Okay.

12 hours ago, BlueDreams said:

I haven't met anyone who isn't sincere in their beliefs about not seeing color. People are generally sincere on a number of things. But it does make it difficult to converse, because the first thing that has to be deconstructed is that colorblindness isn't necessarily a good thing all the time. And that gets people defensive. 

Okay.  This is helpful.  When is coloblindness a bad thing?  What are the circumstances?

12 hours ago, BlueDreams said:

It's difficult because I need to disseminate lived experiences succinctly, help them view things outside of their worldview and construct as closely as possible within their context, and do so without turning them off by using words and syntax that fits into their context. I'm being asked, in essence to convince them the value of God when they're atheists and preferably without really talking about the spirit because in his/her context that's just another term for feelings and they've got those. It is sometimes impossible if they themselves aren't really willing to have their perspective and view of the world questioned

Sure.  Mutual consent is an important factor.

12 hours ago, BlueDreams said:
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I don't understand.  Isn't explaining/substantiating your experiences going to be a normative part of a discussion about "race issues, concerns, or biases?"
....
I don't know you you mean by "they often don't see me."  What does that mean?

I also don't know what you mean by "their stance is blocking off part of my existence."  What does that mean?

It often is, BUT the problem is when evidence must match their specific standard of what constitutes evidence or reality. It sets a litmus test for what is legitimate into the hands of those not as invested in the dialogue and likely to chuck out evidence they find unimportant or in some way invalid. But this isn't a separated case for me. This is my life, my family's lives, my friends lives. SO what ends up happening is that by discarding the "evidence" they end up discarding several experiences from my life. Thus they don't really end up seeing me, but the parts of me that are most aligned with their worldview.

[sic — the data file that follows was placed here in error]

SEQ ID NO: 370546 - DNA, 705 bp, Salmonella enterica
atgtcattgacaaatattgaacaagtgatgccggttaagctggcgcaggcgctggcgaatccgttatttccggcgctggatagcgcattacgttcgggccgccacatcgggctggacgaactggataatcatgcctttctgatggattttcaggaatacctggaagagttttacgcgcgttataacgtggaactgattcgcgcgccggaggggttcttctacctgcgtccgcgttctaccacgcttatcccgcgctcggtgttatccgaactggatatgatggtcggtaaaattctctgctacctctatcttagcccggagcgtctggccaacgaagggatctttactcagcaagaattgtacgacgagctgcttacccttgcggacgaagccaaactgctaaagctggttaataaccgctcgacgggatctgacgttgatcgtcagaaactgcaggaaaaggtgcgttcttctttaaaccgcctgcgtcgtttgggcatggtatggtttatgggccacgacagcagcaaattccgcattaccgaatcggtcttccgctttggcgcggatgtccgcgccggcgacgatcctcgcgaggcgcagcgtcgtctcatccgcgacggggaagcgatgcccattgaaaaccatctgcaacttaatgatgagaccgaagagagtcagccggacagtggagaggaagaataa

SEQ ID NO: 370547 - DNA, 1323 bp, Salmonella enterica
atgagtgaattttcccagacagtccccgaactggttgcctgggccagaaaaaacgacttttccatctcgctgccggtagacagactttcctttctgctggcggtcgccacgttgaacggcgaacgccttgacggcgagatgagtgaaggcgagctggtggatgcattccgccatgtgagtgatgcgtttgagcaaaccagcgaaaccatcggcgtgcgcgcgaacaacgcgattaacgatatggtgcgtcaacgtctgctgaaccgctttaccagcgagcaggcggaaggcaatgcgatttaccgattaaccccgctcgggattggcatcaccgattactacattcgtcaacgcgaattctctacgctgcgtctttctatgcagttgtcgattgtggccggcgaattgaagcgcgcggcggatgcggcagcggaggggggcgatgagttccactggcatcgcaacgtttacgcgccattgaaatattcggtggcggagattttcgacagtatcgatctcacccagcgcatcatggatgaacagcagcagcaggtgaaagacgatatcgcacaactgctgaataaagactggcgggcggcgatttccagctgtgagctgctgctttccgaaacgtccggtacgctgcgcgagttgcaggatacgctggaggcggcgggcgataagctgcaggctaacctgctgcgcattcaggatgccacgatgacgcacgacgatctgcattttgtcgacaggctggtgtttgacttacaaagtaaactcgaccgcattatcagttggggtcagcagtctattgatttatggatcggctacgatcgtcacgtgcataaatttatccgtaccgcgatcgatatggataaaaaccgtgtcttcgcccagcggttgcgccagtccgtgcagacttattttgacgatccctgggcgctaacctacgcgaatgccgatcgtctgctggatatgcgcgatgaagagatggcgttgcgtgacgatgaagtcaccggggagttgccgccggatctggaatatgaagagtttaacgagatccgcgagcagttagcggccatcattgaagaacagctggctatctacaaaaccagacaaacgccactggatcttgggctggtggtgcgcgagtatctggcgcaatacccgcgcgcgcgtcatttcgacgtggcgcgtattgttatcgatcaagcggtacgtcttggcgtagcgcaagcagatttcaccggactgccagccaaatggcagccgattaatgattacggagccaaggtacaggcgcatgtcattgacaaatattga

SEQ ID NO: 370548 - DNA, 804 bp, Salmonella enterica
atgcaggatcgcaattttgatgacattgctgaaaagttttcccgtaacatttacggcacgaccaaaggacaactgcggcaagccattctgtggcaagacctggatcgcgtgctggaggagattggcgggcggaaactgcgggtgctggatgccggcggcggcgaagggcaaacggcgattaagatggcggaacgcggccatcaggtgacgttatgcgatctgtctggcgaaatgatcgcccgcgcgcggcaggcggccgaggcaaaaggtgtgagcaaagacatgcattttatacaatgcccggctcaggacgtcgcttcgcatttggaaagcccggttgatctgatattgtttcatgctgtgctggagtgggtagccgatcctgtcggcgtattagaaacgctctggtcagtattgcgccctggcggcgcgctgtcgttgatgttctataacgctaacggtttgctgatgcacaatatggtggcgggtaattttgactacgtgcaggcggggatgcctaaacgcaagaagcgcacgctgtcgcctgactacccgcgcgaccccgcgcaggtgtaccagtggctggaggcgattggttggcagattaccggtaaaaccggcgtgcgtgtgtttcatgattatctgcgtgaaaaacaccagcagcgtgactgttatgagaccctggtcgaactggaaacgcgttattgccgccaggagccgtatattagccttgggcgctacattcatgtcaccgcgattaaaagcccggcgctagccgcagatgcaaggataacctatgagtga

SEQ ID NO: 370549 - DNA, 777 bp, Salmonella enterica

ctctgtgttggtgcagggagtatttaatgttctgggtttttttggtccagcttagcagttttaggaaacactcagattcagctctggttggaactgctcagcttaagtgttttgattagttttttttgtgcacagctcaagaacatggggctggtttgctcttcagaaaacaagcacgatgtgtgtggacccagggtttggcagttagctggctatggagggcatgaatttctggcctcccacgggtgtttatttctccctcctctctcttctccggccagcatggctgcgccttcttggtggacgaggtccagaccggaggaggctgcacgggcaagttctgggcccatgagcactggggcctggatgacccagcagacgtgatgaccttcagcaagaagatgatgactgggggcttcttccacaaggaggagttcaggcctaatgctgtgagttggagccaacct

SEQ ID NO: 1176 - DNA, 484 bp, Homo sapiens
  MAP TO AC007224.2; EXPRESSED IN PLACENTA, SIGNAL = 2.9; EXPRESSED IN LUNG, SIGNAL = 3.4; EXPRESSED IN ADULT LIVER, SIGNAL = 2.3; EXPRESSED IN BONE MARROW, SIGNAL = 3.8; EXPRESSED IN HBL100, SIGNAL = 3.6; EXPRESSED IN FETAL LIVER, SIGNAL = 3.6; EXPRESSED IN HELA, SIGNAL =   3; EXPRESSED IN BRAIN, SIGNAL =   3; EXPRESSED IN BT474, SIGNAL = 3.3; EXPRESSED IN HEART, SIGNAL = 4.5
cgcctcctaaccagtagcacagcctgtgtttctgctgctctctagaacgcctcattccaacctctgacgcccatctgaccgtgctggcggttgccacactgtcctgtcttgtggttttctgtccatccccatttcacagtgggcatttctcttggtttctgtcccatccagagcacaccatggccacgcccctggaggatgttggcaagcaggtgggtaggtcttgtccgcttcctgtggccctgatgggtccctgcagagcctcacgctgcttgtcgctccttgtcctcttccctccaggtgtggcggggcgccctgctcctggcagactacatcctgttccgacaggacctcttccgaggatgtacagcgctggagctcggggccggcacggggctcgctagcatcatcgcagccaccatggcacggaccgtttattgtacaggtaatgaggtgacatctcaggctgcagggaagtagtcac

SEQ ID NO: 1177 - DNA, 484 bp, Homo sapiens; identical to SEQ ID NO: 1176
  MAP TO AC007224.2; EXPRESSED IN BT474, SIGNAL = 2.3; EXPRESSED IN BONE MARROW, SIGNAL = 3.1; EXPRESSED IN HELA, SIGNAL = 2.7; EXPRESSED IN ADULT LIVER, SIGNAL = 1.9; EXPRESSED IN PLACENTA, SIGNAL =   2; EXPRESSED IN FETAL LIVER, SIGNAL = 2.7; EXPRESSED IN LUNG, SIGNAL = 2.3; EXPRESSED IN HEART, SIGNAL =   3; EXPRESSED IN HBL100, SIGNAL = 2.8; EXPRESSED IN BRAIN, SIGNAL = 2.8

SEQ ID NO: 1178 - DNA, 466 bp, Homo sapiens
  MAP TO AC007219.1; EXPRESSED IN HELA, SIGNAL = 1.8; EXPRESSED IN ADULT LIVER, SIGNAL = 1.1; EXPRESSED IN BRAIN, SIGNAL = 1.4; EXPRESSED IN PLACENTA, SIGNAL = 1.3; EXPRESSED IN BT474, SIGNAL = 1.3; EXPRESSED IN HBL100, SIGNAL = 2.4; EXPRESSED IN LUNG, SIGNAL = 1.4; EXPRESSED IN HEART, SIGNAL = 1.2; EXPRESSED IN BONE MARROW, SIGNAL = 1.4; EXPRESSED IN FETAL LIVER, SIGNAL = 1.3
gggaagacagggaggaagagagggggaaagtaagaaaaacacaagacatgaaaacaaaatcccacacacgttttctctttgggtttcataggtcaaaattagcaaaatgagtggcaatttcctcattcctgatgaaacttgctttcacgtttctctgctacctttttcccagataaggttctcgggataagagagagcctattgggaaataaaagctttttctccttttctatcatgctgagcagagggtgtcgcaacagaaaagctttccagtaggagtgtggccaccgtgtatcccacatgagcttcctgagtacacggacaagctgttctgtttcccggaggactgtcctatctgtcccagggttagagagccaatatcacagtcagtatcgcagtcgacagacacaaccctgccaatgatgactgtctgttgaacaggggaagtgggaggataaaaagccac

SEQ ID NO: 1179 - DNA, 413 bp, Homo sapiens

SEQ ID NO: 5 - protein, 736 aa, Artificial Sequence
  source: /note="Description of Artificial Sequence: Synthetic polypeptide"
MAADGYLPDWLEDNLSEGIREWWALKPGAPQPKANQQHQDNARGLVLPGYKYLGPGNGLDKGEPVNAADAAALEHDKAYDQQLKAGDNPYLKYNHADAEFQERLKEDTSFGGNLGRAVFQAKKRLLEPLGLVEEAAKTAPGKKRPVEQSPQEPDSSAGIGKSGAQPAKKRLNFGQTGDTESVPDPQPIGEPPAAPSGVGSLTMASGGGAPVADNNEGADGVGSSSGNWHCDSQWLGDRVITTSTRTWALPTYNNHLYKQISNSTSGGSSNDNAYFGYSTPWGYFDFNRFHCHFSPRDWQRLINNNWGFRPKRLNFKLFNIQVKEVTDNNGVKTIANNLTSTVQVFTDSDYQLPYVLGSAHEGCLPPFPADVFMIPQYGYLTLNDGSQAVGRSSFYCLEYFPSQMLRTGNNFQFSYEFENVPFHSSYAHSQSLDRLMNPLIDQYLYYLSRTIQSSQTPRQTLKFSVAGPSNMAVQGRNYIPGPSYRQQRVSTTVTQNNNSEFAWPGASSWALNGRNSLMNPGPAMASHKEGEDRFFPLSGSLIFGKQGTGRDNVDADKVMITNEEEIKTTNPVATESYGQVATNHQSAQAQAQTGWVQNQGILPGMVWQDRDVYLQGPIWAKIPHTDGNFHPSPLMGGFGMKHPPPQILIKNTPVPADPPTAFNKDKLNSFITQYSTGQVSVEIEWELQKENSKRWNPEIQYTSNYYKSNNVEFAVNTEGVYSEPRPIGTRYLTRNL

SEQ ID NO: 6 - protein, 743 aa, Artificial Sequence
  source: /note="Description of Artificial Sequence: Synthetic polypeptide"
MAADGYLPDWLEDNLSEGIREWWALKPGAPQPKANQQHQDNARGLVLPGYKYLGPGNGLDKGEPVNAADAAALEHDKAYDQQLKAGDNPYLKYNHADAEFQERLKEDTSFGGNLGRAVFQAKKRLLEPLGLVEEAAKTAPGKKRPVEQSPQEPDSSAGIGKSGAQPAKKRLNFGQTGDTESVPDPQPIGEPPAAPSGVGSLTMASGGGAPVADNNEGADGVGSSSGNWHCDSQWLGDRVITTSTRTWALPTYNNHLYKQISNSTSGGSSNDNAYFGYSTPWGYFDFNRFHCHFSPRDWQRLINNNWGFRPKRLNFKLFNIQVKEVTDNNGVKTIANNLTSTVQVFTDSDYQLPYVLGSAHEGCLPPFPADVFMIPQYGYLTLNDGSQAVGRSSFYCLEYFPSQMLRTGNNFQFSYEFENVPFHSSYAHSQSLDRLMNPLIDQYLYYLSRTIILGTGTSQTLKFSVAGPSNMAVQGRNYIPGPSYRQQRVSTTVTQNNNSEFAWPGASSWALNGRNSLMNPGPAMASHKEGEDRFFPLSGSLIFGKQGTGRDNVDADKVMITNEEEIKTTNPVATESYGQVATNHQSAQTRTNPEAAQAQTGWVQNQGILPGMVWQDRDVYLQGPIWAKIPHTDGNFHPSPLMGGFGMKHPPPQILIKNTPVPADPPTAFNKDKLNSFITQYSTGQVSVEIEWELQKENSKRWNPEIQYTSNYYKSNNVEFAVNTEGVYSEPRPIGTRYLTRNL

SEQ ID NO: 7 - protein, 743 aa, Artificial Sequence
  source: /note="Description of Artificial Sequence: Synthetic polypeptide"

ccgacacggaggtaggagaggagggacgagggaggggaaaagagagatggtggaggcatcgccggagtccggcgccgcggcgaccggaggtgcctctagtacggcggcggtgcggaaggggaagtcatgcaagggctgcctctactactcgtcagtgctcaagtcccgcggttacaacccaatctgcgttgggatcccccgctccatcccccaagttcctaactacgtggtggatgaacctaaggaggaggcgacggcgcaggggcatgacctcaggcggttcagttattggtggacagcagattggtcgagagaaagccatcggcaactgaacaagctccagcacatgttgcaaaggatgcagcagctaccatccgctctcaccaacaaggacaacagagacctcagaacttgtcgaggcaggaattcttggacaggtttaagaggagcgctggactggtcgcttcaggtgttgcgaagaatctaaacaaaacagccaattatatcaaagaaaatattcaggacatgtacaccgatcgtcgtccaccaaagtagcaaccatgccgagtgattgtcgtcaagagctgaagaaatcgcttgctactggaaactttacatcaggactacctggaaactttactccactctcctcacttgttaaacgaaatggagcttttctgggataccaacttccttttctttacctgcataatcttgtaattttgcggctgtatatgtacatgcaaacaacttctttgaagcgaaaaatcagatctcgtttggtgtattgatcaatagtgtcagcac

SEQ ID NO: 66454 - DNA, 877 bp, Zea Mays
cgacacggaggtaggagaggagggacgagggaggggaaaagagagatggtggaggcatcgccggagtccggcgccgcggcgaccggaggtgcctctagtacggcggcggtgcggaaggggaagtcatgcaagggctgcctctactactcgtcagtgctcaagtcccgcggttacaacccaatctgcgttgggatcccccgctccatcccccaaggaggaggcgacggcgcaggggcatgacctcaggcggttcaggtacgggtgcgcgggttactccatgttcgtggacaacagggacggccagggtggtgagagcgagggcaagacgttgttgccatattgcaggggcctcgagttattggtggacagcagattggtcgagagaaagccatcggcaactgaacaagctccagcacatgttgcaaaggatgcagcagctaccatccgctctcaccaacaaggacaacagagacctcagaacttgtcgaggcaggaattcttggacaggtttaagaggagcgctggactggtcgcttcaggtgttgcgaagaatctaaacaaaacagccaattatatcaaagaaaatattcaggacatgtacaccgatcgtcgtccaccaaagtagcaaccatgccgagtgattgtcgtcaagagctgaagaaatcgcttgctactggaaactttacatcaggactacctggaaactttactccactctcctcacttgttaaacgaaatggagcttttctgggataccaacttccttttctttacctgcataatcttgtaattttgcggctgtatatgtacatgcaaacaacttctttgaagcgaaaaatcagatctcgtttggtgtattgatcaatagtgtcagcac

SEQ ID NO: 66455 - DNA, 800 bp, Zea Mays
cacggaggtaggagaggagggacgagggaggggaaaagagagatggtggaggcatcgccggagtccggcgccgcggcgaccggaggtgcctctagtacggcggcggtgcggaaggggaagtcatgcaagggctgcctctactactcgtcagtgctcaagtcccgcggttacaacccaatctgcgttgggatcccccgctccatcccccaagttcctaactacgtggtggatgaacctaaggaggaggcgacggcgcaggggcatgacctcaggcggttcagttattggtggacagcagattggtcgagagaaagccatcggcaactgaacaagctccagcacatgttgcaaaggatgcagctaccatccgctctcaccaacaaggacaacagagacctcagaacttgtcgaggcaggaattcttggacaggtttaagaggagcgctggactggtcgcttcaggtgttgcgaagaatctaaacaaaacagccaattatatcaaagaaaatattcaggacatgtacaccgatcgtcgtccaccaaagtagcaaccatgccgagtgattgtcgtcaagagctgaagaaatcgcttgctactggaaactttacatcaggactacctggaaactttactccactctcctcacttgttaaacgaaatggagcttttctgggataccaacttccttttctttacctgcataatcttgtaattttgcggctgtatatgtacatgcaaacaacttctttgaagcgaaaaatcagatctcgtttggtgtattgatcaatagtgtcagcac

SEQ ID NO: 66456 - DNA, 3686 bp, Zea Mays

This is still a bit too abstract for me to grasp.  I'm trying to grasp what you are saying, honest.  But I don't know wha tyou mean by "what constitutes evidence or reality."  Evidence pertaining to what? 

What is the predicate for "litmus test?"  Colorblindness?

What does "discarding the 'evidence'" mean?

What does "they don't really end up seeing me" mean?

Talking about this in the context of "evidence" helps, as I'm a lawyer and utilize that framework a lot.  If we can expand on that framework, I'd like to understand what what the "claim" is for which you are presenting "evidence."  What are you trying to prove to a "colorblind" friend?

12 hours ago, BlueDreams said:

I'm not getting paid for these heart-to-hearts. And I don't have 3.5 years to make my case. Sometimes I'm given 3-5 minutes to make my case while raising a baby, taking care of my family, managing my job, and trying to reach my personal goals. Sometimes there's not even that and I'm needing to explain why what they just said isn't okay or appropriate without using the R word and turning them off/defensive in 10 seconds flat. The circumstance around it is usually what makes more than one question difficult. 

Besides that these aren't court cases, again they're parts of my life. It's one thing to pull evidences meant for court that you are likely not directly effected by.